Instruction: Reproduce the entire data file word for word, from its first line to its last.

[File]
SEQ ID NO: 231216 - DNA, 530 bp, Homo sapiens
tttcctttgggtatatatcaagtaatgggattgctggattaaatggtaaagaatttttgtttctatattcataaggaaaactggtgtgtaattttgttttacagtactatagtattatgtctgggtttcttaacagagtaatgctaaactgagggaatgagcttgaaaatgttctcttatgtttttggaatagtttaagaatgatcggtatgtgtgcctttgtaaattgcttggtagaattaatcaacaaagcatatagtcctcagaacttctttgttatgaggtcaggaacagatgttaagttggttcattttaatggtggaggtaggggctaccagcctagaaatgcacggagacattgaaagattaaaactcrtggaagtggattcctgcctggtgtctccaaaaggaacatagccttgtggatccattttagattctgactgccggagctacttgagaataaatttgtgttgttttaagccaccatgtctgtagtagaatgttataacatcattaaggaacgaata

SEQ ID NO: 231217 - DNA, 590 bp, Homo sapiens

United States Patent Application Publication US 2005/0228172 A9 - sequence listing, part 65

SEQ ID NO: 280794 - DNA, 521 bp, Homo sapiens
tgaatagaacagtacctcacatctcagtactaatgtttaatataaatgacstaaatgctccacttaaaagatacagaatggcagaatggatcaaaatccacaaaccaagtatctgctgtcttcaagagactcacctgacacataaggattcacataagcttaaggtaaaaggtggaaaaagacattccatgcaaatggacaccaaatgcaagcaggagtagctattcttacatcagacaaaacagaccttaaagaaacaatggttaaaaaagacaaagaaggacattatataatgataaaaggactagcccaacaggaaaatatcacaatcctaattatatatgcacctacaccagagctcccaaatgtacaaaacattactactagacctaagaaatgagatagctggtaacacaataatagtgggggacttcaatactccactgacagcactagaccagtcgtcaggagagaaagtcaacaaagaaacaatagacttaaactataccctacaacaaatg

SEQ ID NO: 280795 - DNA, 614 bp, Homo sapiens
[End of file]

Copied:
SEQ ID NO: 231216 - DNA, 530 bp, Homo sapiens
tttcctttgggtatatatcaagtaatgggattgctggattaaatggtaaagaatttttgtttctatattcataaggaaaactggtgtgtaattttgttttacagtactatagtattatgtctgggtttcttaacagagtaatgctaaactgagggaatgagcttgaaaatgttctcttatgtttttggaatagtttaagaatgatcggtatgtgtgcctttgtaaattgcttggtagaattaatcaacaaagcatatagtcctcagaacttctttgttatgaggtcaggaacagatgttaagttggttcattttaatggtggaggtaggggctaccagcctagaaatgcacggagacattgaaagattaaaactcrtggaagtggattcctgcctggtgtctccaaaaggaacatagccttgtggatccattttagattctgactgccggagctacttgagaataaatttgtgttgttttaagccaccatgtctgtagtagaatgttataacatcattaaggaacgaata

SEQ ID NO: 231217 - DNA, 590 bp, Homo sapiens

United States Patent Application Publication US 2005/0228172 A9 - sequence listing, part 65

SEQ ID NO: 280794 - DNA, 521 bp, Homo sapiens
tgaatagaacagtacctcacatctcagtactaatgtttaatataaatgacstaaatgctccacttaaaagatacagaatggcagaatggatcaaaatccacaaaccaagtatctgctgtcttcaagagactcacctgacacataaggattcacataagcttaaggtaaaaggtggaaaaagacattccatgcaaatggacaccaaatgcaagcaggagtagctattcttacatcagacaaaacagaccttaaagaaacaatggttaaaaaagacaaagaaggacattatataatgataaaaggactagcccaacaggaaaatatcacaatcctaattatatatgcacctacaccagagctcccaaatgtacaaaacattactactagacctaagaaatgagatagctggtaacacaataatagtgggggacttcaatactccactgacagcactagaccagtcgtcaggagagaaagtcaacaaagaaacaatagacttaaactataccctacaacaaatg

SEQ ID NO: 280795 - DNA, 614 bp, Homo sapiens